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ZINA

UK, 1985 (MIFF 1986)

Director: Ken McMullen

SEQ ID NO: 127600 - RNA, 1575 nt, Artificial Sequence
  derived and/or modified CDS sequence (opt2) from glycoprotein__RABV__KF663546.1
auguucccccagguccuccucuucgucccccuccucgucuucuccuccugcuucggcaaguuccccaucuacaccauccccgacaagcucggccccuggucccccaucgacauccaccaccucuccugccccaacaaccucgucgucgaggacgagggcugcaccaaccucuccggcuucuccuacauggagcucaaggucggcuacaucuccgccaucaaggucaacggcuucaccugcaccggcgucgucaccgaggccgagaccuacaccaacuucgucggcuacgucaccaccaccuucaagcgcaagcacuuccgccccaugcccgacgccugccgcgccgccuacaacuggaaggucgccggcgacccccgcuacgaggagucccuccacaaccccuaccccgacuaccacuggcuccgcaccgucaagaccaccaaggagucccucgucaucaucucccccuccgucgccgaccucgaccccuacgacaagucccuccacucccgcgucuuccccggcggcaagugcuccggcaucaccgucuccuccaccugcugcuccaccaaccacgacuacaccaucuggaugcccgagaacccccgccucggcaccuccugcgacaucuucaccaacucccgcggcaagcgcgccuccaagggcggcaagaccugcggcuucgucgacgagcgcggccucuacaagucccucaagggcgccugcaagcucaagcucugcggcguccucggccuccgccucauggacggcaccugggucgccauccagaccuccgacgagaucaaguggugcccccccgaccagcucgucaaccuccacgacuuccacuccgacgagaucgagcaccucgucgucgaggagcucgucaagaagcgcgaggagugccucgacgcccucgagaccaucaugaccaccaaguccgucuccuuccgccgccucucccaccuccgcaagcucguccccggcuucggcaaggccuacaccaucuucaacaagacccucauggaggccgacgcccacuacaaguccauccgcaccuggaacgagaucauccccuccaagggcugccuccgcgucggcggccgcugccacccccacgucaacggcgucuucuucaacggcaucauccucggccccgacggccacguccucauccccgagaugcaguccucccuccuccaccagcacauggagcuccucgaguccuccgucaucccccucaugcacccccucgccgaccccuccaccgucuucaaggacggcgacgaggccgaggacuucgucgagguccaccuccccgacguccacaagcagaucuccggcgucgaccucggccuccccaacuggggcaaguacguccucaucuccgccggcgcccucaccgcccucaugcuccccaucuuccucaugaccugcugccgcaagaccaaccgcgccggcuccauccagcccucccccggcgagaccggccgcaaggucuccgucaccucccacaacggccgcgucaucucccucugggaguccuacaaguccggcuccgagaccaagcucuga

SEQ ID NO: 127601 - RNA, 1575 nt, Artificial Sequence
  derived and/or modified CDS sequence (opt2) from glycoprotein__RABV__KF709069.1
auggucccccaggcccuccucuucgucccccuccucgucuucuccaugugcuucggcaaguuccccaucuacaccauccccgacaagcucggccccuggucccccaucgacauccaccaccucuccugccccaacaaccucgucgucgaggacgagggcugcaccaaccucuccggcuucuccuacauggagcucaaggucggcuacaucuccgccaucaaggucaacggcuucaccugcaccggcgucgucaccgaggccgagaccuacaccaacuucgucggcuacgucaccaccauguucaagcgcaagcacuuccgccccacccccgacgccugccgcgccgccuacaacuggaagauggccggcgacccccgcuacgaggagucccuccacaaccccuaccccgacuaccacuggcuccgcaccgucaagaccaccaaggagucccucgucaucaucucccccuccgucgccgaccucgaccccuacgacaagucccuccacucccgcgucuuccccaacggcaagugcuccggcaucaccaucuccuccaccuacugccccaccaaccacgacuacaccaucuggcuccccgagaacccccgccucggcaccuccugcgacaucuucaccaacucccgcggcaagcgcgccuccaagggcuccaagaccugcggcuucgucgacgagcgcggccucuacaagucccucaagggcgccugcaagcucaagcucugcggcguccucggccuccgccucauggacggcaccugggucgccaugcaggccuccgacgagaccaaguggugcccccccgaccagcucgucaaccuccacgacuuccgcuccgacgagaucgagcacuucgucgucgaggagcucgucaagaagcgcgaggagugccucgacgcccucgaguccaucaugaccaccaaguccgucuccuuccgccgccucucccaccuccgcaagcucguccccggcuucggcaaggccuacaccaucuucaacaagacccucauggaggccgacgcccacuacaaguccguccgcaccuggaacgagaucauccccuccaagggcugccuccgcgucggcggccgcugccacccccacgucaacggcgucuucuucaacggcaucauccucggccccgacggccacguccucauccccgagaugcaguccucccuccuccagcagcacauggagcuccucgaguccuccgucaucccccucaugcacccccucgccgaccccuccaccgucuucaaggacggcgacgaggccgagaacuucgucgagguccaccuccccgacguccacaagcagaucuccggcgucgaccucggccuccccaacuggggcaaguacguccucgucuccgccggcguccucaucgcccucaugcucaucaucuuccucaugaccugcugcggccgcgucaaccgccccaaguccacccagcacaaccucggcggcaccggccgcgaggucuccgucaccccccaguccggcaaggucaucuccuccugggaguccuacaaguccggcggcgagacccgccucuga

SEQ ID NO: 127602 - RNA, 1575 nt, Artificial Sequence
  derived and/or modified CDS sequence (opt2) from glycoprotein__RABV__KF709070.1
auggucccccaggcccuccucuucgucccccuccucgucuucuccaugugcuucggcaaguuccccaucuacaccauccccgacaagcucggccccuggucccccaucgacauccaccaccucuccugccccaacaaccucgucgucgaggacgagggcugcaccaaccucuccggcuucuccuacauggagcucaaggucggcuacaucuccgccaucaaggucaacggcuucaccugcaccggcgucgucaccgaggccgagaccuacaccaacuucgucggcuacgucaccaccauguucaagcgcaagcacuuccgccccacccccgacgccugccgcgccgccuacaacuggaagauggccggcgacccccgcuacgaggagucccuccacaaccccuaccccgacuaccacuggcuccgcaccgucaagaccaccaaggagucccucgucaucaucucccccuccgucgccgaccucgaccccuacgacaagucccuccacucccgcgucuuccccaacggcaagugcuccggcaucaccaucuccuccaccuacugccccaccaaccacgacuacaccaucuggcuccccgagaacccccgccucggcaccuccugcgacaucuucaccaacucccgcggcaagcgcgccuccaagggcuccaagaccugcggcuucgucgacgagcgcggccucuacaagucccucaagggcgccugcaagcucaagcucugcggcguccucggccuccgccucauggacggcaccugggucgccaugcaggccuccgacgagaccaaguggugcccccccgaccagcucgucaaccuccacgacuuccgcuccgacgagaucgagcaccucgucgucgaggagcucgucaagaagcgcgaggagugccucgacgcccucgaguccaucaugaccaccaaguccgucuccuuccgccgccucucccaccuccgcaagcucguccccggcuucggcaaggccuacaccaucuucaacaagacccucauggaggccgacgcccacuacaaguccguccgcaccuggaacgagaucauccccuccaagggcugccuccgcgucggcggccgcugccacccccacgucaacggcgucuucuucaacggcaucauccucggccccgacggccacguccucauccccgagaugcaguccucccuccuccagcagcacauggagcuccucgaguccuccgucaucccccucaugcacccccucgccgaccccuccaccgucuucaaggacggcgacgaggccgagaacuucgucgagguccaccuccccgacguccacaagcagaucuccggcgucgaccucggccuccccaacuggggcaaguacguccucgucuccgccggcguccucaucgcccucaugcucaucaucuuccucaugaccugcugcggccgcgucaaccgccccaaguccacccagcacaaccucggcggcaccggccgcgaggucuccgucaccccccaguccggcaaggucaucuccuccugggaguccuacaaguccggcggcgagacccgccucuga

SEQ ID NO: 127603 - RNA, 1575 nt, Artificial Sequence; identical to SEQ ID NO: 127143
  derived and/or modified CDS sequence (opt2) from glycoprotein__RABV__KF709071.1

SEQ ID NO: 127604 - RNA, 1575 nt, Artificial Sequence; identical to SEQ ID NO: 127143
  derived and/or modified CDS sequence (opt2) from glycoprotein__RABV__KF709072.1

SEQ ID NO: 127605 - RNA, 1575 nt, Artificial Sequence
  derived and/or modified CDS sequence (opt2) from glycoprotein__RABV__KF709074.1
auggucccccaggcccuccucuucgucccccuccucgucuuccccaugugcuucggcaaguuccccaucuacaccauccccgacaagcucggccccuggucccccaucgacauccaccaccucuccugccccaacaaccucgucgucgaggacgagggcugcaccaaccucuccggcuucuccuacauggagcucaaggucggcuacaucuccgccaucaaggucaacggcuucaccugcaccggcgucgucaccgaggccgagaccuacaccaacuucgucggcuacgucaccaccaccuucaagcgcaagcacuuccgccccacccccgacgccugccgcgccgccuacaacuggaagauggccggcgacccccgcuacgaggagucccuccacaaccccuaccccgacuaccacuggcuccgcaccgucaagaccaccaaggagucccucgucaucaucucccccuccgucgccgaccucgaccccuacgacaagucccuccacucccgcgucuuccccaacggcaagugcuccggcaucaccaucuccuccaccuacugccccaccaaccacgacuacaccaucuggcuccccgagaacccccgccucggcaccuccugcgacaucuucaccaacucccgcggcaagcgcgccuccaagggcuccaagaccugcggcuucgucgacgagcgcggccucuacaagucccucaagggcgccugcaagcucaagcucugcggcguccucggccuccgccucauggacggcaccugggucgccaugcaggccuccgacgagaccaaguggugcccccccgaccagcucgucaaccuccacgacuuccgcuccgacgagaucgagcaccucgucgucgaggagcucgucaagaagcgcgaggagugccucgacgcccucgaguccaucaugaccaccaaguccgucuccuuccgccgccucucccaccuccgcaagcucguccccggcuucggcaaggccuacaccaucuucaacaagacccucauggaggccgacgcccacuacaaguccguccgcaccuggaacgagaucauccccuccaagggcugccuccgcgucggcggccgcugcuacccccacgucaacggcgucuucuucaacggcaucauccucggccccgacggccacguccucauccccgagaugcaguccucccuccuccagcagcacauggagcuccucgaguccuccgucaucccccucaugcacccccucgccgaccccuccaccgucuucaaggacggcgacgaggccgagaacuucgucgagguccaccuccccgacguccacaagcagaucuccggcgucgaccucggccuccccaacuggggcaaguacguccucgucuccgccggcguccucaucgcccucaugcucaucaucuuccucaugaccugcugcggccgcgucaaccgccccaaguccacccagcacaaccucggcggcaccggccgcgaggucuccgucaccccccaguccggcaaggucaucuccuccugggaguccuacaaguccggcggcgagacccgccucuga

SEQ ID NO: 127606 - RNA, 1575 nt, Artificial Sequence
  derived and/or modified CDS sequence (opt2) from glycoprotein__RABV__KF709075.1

Ken McMullen's most ambitious film to date traces the story of one of those shadowy figures from the past through whom we seek to learn the true temper of an extraordinary time. She is Zina, Leon Trotsky's daughter, whose copious letters to her father and others form the solid basis to this imaginative interpretation of her life and Europe's troubled times between the communist revolution in the Soviet Union and the rise of fascism in Germany. When she is sent away from his island exile by the deposed revolutionary leader for psychiatric treatment in Vienna, her mental instability, born of her strange relationship with her famous father, becomes more and more a parallel for the madness of the times. Who could possibly say she was mad, faced with her circumstances and the events around her in the world? Domiziana Giordano, whose performance in Tarkovsky's NOSTALGHIA was so striking, is again a magnificent presence, while ian McKellen as the psychiatrist and Philip Madoc as Trotsky also contribute notable performances.

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